Updated: Feb 22
What you eat and drink post workout is vital for improving your fitness and body composition. You could end up burning muscle rather than fat, or struggling to complete your planned workout if you don’t eat the right grub at the right time…
Pre workout nutrition
There is much debate (and many conflicting studies) over whether one should exercise on an empty stomach to increase body fat loss – but the fact of the matter is, like most things, you need to find what works for you. Ideally, you should try to eat something to fuel your workout.
Some folk find they feel sick or nauseous if they eat before a workout. If this is you, the trick is to eat 2 – 4 hours beforehand to ensure the food has left you’re your stomach (which may prove difficult if you workout first thing).
While others find they don’t have the energy to get through the session with a little food before hand (that’s me!)
You must ensure your pre-workout grub contains carbohydrates and protein. If you are doing high intensive workouts such as marathons, you must carb load before the event!
Try this -
One or two oatcakes, with mashed banana, with a small sprinkling of cinnamon (which helps stabilize your blood sugar balance).
A small bowl of oatmeal with fresh berries
Apple wedges with almond or cashew butter
Yoghurt (soya or dairy) with berries and a small sprinkling of sunflower or pumpkin seeds
A protein smoothie, just like this one! If you find this is too much, simply have half before your workout, and the rest after.
What you eat and drink post workout is vital for improving your fitness and body composition. For cardio sessions, you should eat in the 30 minute window afterward training, and for more strength training sessions, that window can be extended up to 2 hours post workout.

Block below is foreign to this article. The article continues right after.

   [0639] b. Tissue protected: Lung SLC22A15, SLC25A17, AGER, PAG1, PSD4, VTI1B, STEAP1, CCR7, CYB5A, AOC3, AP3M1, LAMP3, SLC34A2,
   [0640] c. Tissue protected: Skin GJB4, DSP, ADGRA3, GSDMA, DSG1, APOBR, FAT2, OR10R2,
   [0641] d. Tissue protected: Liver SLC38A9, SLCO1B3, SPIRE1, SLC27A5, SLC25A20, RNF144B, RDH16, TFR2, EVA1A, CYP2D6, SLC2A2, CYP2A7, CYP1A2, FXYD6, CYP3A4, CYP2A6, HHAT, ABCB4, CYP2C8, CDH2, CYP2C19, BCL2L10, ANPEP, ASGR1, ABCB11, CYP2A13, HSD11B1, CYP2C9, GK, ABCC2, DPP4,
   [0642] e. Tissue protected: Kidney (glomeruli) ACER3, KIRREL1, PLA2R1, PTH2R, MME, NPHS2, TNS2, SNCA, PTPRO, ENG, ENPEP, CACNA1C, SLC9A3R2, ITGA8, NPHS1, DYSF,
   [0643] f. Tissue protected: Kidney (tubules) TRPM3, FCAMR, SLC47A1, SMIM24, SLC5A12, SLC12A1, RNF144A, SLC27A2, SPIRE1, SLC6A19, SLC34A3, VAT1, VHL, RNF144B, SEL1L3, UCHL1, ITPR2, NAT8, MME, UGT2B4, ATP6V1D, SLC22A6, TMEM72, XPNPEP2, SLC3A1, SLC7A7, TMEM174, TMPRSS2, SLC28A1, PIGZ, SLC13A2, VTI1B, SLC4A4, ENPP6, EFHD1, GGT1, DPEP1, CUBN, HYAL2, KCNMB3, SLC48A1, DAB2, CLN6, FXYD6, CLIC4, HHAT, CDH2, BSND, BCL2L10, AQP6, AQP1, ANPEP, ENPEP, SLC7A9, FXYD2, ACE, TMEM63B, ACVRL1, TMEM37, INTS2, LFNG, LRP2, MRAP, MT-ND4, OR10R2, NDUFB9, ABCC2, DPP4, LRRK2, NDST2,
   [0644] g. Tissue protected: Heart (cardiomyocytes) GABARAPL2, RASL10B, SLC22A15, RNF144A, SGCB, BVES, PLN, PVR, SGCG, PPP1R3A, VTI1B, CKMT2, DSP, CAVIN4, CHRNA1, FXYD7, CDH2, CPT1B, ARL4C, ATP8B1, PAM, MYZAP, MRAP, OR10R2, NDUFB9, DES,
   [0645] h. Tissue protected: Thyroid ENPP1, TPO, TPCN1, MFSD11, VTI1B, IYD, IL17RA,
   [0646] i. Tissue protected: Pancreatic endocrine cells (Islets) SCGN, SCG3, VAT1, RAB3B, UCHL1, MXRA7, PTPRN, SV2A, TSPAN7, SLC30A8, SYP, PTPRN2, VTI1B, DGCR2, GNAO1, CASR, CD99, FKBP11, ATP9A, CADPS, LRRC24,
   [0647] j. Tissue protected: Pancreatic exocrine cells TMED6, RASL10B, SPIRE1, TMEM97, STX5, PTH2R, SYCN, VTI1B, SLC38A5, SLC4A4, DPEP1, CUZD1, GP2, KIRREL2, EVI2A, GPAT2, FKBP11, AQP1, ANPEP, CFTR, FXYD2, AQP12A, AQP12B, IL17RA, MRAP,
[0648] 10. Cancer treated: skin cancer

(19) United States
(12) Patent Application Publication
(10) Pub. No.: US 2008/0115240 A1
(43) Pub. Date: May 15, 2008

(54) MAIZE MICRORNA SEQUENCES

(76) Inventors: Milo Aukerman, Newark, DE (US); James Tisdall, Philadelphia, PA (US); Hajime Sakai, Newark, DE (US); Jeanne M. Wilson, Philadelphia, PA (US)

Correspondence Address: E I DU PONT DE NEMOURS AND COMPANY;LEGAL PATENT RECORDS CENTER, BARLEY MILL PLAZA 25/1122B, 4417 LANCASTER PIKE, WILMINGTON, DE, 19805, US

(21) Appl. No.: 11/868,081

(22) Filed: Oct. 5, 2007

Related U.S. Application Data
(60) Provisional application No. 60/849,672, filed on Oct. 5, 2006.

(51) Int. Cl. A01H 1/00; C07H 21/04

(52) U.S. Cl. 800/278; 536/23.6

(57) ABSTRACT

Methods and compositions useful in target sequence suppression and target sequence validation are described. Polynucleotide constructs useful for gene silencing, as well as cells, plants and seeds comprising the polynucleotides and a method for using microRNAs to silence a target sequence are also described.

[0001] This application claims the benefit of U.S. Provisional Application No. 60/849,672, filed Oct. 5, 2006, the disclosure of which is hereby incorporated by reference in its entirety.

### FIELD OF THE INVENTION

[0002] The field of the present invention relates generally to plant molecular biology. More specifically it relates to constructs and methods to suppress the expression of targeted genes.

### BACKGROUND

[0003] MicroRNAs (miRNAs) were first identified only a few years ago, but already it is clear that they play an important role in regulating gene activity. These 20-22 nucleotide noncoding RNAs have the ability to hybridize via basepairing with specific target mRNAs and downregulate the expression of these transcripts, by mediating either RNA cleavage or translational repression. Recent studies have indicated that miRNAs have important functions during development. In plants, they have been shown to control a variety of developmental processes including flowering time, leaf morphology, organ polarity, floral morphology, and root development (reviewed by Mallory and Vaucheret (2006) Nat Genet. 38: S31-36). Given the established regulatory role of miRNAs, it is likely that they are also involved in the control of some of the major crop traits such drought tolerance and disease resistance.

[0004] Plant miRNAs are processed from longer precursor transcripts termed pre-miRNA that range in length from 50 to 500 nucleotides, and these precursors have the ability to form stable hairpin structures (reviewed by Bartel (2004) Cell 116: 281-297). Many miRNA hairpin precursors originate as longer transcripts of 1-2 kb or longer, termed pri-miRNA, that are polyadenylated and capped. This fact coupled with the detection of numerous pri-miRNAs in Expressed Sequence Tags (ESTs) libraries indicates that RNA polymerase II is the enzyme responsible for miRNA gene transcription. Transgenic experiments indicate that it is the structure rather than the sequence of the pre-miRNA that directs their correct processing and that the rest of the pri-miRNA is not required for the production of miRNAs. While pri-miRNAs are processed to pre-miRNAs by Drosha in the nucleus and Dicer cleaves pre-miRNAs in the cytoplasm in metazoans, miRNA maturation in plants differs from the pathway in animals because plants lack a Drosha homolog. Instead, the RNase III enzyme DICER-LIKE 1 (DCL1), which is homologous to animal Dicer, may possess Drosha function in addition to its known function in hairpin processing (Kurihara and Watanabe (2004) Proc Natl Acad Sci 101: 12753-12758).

Your muscles cannot fully recover until your cells are properly hydrated. Pure water is the best source of hydration for the average exerciser. Sport drinks like Gatorade replenish electrolytes but contain large amounts of sugar and calories. Only athletes may need the extra electrolytes that make sports drinks worth the extra sugar and calories.
Coconut water is a great alternative to sports drinks, offering plenty of potassium and magnesium, which restore your electrolytes.
You need to replace the fuel (i.e. carbohydrates) that you’ve used up during your session. If you don’t so this, you will lethargic after your workouts – the opposite of what exercise should make you feel! Your next workout session will be harder to get through.
You can get your carbs from whole-grains (e.g. quinoa, buckwheat noodles, brown rice) or fruits and veggies. If you are trying to lose weight, simply portion control your carbs (i.e. ½ cup of brown rice).
You need plenty of protein to repair muscle cells, jumpstart recovery and prevent muscle loss. (The amount of protein depends on body weight, intensity level, length of workout, gender – you usually need between 10 – 20 grams).
Ideally, you could try and time your workouts so you have a main meal afterwards (either breakfast, lunch or dinner), just ensure your meal is properly balanced (proteins, fats and complex carbs)
Meal & snack ideas
Plant or animal protein (chicken/fish, or beans/lentils/tofu) with quinoa and vegetables or a salmon or tofu stir-fry with buckwheat noodles
Spinach salad with sliced chicken breast / tofu fillet
Veggie omelette or a tofu scramble
Half an avocado with hummus and a tomato.
And one final thing …
Exercise causes inflammation and ‘free radicals’ in the body, you need lots of antioxidants hanging around to mop these up – so ensure you eat plenty of colourful fruits and vegetables – so get a rainbow of colour daily!